MUNICH, 21 Feb. 2013. Various military officials worldwide are opting to upgrade the avionics on existing fleets, rather than adopting new aircraft; yet, legacy platforms and avionics systems present myriad challenges. The trials and benefits of legacy avionics was the topic of a networking lecture, part of Avionics Europe 2013, held at the Munich Technical University (abbreviated as TUM) in Garching, Germany, and hosted by the University and the Royal Aeronautical Society.
Alan Faulkner, B.Tech, C.Eng., M.I., Mech.E in SPM AFCS/Rigs CH53 PV research & development at Eurocopter, an EADS company, in Munich delivered the talk, on the avionics upgrade of the Sikorsky CH-53G military helicopter, at TUM. The rotorcraft is an ISAF vehicle used by the German Army, he says.
Eurocopter has been responsible for maintenance and repair of the CH-53G since 1992. In 2007, the company won a contract to upgrade 40 CH-53G to the CH-53GS variant.
The goals of the rotorcraft upgrade program were:
- extend service life until 2030
- address obsolescence issues
- easier self-deployment, such as with full IFR
- modern COM, NAV, and DMAP avionics
- enhanced self-protection, via EWS
- reduce pilot workload and fatigue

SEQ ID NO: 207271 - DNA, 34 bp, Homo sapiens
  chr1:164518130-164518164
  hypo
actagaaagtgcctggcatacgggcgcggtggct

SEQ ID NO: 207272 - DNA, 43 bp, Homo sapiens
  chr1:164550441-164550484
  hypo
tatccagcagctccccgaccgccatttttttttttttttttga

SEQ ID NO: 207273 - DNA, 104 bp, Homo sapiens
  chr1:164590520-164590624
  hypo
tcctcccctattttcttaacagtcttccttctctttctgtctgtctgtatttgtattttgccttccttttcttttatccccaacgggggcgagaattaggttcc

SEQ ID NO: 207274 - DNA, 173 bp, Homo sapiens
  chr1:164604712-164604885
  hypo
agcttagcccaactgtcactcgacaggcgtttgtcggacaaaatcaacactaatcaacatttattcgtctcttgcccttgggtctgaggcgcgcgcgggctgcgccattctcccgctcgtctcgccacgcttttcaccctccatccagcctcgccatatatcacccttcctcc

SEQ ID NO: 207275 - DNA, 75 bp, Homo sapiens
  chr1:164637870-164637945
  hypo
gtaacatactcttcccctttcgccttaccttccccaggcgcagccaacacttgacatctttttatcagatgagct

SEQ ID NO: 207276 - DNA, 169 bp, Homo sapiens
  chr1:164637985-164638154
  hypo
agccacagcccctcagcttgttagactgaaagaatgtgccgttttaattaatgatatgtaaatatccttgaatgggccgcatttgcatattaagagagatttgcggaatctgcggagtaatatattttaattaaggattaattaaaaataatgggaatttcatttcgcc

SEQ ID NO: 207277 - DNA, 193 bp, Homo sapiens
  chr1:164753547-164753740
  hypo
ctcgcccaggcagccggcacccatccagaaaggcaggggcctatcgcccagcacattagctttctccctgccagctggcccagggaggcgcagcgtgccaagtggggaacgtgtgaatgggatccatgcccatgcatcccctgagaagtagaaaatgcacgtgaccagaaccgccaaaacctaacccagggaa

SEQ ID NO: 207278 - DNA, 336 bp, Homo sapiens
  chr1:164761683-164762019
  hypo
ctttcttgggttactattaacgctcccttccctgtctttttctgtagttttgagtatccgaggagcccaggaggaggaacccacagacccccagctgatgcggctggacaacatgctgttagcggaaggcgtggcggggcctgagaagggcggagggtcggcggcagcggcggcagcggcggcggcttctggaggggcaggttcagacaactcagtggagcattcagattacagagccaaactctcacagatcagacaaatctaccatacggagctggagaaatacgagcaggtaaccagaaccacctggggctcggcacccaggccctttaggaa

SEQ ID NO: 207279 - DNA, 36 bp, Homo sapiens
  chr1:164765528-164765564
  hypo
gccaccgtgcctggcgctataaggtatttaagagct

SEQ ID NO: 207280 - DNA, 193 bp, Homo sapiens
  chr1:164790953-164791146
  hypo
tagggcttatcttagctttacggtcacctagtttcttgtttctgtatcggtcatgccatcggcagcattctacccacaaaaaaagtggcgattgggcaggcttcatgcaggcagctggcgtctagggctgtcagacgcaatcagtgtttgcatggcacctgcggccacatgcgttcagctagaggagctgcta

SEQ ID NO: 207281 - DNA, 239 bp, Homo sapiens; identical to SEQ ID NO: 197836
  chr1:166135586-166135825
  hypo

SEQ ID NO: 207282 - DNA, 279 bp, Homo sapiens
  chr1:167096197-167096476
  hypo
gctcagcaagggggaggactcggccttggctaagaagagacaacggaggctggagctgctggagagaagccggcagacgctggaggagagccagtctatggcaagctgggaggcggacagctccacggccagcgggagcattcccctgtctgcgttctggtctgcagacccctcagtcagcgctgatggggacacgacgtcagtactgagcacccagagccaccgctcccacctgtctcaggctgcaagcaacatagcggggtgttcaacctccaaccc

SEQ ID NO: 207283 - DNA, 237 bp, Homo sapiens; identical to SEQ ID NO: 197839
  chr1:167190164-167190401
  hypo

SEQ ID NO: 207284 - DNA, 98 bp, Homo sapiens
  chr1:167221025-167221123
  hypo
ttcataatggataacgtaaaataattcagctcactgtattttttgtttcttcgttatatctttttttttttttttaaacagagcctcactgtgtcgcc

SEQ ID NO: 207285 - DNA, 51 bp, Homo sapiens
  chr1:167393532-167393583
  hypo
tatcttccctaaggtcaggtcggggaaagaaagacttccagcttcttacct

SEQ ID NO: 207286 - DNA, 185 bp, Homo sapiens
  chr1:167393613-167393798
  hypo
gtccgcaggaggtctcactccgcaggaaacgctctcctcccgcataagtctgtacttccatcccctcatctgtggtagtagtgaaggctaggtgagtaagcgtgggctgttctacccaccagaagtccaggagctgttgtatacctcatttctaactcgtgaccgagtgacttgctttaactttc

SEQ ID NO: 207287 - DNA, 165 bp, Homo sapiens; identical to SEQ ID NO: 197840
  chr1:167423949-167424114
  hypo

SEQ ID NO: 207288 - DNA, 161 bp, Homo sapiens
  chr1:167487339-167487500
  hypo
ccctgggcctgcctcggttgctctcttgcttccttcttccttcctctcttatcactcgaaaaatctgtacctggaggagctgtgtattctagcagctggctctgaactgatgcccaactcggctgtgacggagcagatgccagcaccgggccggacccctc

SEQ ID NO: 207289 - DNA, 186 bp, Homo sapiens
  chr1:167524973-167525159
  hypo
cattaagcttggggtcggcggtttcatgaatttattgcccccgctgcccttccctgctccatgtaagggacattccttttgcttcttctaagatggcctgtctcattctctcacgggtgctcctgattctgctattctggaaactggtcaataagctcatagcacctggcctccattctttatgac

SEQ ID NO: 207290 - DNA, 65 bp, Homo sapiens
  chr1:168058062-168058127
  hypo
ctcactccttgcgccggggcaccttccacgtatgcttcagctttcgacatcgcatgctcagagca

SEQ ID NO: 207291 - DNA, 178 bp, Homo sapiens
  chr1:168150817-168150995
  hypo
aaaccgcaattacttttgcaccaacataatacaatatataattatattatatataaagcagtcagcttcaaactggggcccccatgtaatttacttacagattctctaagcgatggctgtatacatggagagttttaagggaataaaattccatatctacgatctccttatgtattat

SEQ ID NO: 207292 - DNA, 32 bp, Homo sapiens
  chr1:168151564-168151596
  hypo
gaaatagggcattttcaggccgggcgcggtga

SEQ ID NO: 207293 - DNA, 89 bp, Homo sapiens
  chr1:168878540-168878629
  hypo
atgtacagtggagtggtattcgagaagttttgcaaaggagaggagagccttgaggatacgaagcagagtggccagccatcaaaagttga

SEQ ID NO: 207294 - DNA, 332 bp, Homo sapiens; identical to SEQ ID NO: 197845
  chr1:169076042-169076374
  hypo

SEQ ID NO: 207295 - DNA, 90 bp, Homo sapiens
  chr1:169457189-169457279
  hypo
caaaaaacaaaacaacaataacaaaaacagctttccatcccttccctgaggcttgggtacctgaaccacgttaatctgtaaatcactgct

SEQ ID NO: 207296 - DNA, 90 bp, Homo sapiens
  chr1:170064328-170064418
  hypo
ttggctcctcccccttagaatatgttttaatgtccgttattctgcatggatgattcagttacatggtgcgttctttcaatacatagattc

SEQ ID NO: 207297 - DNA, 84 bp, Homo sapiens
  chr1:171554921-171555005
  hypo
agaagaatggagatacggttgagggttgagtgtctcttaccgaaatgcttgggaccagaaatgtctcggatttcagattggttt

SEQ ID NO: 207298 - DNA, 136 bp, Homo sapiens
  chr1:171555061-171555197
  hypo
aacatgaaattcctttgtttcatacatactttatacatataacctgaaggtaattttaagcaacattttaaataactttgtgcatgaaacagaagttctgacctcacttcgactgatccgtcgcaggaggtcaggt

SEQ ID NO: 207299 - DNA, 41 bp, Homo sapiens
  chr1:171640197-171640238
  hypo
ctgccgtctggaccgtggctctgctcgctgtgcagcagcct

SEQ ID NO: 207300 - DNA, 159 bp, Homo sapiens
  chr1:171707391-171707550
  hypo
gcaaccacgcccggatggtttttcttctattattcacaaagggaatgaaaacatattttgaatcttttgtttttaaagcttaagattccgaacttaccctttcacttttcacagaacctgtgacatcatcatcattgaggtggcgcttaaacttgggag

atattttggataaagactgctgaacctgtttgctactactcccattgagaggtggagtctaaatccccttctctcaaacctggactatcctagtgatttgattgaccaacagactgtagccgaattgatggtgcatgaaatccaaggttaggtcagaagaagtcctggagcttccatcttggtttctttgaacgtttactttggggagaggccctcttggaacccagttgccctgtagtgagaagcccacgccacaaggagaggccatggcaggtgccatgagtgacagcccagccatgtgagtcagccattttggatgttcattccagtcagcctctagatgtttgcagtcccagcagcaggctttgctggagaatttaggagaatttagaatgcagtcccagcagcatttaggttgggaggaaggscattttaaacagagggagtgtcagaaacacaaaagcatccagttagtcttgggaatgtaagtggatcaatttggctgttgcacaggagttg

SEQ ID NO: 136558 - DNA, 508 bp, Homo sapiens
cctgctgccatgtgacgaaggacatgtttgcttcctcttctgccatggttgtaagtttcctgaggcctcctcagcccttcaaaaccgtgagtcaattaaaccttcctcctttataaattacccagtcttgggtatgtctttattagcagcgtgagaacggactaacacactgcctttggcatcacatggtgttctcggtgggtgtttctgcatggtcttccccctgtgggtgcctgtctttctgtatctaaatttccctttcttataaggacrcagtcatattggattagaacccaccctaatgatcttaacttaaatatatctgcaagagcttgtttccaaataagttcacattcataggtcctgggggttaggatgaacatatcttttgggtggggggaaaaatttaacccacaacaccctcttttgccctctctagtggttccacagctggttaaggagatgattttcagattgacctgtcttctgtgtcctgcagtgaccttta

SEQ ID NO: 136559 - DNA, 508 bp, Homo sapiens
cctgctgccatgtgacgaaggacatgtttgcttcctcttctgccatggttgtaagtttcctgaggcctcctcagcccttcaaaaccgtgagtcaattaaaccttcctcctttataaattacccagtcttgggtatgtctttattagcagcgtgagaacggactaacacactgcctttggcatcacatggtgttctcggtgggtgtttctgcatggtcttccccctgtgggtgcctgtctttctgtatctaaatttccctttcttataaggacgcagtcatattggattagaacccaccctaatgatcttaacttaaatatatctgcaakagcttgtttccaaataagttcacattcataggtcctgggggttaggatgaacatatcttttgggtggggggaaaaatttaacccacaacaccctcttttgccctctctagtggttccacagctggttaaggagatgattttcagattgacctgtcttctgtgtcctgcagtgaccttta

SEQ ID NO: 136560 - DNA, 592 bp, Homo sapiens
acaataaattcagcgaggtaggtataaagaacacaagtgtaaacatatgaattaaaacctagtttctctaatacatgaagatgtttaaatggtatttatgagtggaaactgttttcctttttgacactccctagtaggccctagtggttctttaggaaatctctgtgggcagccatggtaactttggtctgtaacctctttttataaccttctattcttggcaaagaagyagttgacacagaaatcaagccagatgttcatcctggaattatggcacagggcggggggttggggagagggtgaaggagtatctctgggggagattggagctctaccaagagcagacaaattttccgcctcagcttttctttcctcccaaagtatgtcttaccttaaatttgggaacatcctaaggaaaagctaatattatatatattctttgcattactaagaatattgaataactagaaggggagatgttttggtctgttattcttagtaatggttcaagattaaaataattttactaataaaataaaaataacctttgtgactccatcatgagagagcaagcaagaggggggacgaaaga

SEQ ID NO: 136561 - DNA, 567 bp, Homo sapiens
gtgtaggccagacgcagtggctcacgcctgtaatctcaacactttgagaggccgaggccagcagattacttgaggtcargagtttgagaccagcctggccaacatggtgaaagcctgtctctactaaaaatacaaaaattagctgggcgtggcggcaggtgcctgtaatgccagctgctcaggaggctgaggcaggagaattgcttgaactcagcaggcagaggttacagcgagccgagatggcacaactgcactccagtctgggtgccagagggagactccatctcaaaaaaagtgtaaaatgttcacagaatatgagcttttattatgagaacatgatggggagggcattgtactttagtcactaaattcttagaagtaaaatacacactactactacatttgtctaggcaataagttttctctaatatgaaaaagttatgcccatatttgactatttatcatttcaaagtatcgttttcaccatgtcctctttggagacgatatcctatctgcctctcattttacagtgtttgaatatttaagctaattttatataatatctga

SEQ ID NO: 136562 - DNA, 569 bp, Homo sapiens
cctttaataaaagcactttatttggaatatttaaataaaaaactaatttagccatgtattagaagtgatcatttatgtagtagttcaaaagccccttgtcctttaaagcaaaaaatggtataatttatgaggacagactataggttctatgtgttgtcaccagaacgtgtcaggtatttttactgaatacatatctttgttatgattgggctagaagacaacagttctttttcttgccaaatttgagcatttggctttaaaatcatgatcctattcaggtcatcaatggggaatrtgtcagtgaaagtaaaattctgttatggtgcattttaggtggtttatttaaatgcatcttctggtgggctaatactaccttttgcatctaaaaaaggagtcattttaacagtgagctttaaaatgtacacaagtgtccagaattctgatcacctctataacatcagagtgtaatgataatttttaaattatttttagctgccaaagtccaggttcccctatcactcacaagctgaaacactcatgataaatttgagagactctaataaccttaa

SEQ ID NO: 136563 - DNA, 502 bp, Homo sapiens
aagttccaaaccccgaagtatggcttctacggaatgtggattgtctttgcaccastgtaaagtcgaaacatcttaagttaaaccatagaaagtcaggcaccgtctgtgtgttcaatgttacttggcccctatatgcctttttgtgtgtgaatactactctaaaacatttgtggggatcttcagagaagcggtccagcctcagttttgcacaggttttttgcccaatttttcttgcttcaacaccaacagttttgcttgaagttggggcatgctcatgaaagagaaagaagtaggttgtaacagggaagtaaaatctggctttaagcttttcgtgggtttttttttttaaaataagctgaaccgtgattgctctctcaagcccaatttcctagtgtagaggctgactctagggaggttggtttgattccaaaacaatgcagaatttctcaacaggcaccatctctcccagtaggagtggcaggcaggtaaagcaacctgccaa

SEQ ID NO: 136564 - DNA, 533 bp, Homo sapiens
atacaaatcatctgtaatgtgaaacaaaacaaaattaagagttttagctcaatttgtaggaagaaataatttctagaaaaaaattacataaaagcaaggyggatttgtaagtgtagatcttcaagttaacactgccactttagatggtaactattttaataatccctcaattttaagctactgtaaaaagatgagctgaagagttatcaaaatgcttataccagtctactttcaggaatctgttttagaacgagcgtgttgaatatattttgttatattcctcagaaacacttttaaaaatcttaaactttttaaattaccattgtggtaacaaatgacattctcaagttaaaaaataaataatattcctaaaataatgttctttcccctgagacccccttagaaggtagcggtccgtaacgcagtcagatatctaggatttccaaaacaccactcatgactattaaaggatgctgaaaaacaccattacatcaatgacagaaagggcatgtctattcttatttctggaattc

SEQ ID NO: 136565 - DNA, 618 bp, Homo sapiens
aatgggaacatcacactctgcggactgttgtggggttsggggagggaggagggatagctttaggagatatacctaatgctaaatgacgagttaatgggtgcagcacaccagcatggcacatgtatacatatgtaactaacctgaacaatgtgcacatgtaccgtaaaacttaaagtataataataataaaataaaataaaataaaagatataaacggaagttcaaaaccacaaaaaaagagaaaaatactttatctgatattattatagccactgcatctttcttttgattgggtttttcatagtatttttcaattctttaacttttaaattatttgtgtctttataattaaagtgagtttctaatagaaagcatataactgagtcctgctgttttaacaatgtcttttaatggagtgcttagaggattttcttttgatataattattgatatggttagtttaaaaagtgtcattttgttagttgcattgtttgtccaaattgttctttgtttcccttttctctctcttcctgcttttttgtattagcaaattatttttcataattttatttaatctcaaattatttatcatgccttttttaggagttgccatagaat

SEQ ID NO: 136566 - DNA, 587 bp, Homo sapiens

- modern autopilot system (AFCS) and enhanced mission modes
- upgrade another 40 CH-53G to the CH-53GA variant
The challenges of the avionics upgrade project included:
- Not starting with a clean slate (white sheet of paper)
- Removal of one element triggers other challenges, removal of other elements
- Knowing when to stop removing legacy systems
Engineers can strengthen fuselage components with rivets and new bolts, but upgrading avionics is a much more complex process, Faulkner says.
The Eurocopter engineers completely removed the cockpit, as well as all wiring throughout the helicopter, when a challenge arose. The same pilots would be flying both variants, a fact which presented a major human-machine interface (HMI) issue.
“The modern cockpit is not only a generation change in hardware technology,” Faulkner explains, “but also a HMI transition.” The avionics upgrade had to deliver a consistent look and feel, and a conversion training program was needed.
Five multifunctional displays in the new instrument panel replaced two instruments (gauges) in what Faulkner calls “the most luxurious instrument panel on military aircraft.”
The Eurocopter team—including technology partners Rockwell Collins, EADS Defense, Northrop Grumman LITEF, Rhode + Schwarz, Thales, Sagem, Leach, and Telephonics—modernized the cockpit and built a full-cockpit trainer. “It is an impressive simulator,” he says, “and one that enables flight crew familiarization, software maturity assessment, and full certification credit.”
The CH-53G upgrade program commenced in Feb. 2007 and culminated in certification in Nov. 2012.
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